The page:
The placement of the CVS building back from the street was one that involved a great deal of deliberation both at the Planning Commission and City Council levels. What has been lost in all of the discussions is the fact that the corner property was a former gas station whose tanks had leaked toxins into the soil. While the tanks were empty, the removal of them required Environmental Protection Agency oversight and mitigation of the hazardous material. CVS is removing the tanks and complying with all EPA requirements. One of the reasons for the setback was to allow outgassing of the hydrocarbons. The outgassing prevented the store from being located directly above the plume. This alone is something that most potential buyers would not have had the funds to address. This investment by CVS speaks volumes to me.
Because the setback and front parking lot was generally considered visually less desirable, the architects agreed to a decorative hedge to conceal it. CVS made many concessions to the city. I wish that very resident in our city had the opportunity to have heard all of the discussions. There would be far less misinformation had every person had this opportunity.
This brings me to the unfortunate abuse of the city employee. Attached to the caustic letter was a photo of the log structure. What was missing was a photo of the flat bed truck on which the logs were being loaded. The logs were all preserved to be rebuilt on a different site. In fact, the log structure was preserved, a fact that was lost on the self-appointed expert who distributed the photo. The evidence that what Captain Cherry built was a tiny single story structure that was now highly modified. Clearly visible in the photo were the modifications. First visible was where the original cook hearth had been, long ago removed when the original 1785 structure received its first of many significant modifications. The second story and rear portions were all later additions, all made likely between 1810-1820. The masonry extant was added in the 1810 period modification, the original cooking hearth apparently was removed at that time. The original mantels were long gone. The windows were all from the second half of the 19th century. The exterior doors date from the 20th century. So when one looks at this highly modified house, just what was it that these folks were seeking to preserve? The current building owner preserved the logs and they will be rebuilt.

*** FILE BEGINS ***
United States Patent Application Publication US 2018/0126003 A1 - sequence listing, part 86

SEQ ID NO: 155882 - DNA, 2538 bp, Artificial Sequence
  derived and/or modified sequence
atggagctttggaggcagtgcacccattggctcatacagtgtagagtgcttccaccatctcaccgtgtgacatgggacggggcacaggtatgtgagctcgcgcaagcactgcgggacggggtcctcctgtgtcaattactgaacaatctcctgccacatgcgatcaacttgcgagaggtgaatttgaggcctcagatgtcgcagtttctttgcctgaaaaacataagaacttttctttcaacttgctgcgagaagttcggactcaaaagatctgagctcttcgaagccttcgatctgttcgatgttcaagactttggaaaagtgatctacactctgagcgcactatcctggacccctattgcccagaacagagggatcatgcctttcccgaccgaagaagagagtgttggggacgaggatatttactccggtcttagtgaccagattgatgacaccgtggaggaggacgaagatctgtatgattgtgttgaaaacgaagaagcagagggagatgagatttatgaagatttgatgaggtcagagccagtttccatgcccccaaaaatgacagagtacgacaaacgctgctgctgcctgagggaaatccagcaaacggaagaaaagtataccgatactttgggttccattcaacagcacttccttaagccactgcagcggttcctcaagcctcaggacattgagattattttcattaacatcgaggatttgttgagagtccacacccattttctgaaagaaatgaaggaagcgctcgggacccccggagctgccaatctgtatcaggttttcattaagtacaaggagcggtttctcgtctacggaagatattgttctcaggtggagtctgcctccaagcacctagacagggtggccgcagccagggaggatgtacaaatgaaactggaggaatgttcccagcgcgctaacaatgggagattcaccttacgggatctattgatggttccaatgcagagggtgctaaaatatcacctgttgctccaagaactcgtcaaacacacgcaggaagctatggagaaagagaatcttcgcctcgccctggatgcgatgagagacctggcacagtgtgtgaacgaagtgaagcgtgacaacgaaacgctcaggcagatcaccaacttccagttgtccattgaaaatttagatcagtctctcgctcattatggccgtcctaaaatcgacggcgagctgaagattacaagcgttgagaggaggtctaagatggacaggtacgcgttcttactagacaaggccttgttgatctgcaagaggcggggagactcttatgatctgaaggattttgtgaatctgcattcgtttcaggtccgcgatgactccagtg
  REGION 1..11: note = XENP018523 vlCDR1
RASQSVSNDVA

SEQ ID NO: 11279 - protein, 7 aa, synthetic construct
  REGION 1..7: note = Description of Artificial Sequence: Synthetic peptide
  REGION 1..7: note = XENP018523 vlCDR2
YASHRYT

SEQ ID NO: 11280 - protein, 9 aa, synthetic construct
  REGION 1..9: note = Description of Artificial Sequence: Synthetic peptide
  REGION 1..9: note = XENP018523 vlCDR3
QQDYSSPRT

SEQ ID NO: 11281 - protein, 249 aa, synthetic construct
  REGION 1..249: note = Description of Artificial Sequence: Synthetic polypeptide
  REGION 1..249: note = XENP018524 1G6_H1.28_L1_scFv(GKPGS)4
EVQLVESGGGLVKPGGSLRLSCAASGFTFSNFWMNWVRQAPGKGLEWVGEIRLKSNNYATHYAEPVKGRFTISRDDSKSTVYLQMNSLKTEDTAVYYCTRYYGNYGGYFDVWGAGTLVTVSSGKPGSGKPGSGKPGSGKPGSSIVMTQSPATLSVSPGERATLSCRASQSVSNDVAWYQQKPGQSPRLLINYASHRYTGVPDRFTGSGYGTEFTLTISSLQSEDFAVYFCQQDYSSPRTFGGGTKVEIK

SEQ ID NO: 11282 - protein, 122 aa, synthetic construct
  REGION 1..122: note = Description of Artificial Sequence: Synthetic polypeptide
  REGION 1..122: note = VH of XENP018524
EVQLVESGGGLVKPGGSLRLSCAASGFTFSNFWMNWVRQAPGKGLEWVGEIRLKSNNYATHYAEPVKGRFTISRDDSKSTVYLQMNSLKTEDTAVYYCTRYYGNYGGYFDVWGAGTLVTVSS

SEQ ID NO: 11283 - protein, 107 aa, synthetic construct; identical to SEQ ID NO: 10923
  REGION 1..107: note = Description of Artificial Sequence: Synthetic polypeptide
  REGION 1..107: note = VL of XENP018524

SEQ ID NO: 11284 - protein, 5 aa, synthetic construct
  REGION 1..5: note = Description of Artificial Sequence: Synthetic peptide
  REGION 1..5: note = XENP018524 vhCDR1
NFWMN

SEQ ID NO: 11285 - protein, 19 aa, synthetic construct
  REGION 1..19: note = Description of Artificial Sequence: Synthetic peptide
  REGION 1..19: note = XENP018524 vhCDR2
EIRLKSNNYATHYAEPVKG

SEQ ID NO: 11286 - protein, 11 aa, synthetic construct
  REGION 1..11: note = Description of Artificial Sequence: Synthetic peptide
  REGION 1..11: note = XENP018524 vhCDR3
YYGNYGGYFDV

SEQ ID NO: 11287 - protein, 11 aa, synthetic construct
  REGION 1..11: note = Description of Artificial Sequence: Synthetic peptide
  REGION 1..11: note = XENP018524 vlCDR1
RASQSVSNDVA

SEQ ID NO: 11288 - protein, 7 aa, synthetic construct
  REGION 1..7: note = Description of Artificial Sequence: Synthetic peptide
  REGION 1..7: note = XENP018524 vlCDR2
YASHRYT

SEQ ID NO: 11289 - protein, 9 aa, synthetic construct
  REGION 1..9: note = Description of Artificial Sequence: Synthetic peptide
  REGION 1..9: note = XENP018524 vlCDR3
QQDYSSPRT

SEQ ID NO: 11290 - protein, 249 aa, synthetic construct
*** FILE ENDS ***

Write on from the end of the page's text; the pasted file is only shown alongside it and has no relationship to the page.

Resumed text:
If I had a wish, it would be that the energy of these “well-meaning” folks would be spent on preserving the structures that can be preserved in our fair city. Within one block of the new construction is a vacant log structure that begs for attention. Far less known are two other homes extremely close to the site, which still have magnificent interior woodwork from their original construction. These are wonderful examples of our earliest architecture. One has a mantle and matching built-in fluted pilasters and decorative medallions, as fine as anything shown in john Allen’s book “Uncommon Vernacular.” I am in awe when I see appointments of this caliber that have survived more than 200 years. Let’s make this energy and focus on structures that really do enhance the historic nature of Charles Town.
In closing, I ask but one thing. Please do not direct frustration at city employees. They are doing their jobs. Feel free to vent to elected officials, like me. I am Mark Reinhart, City Councilman, Ward 1.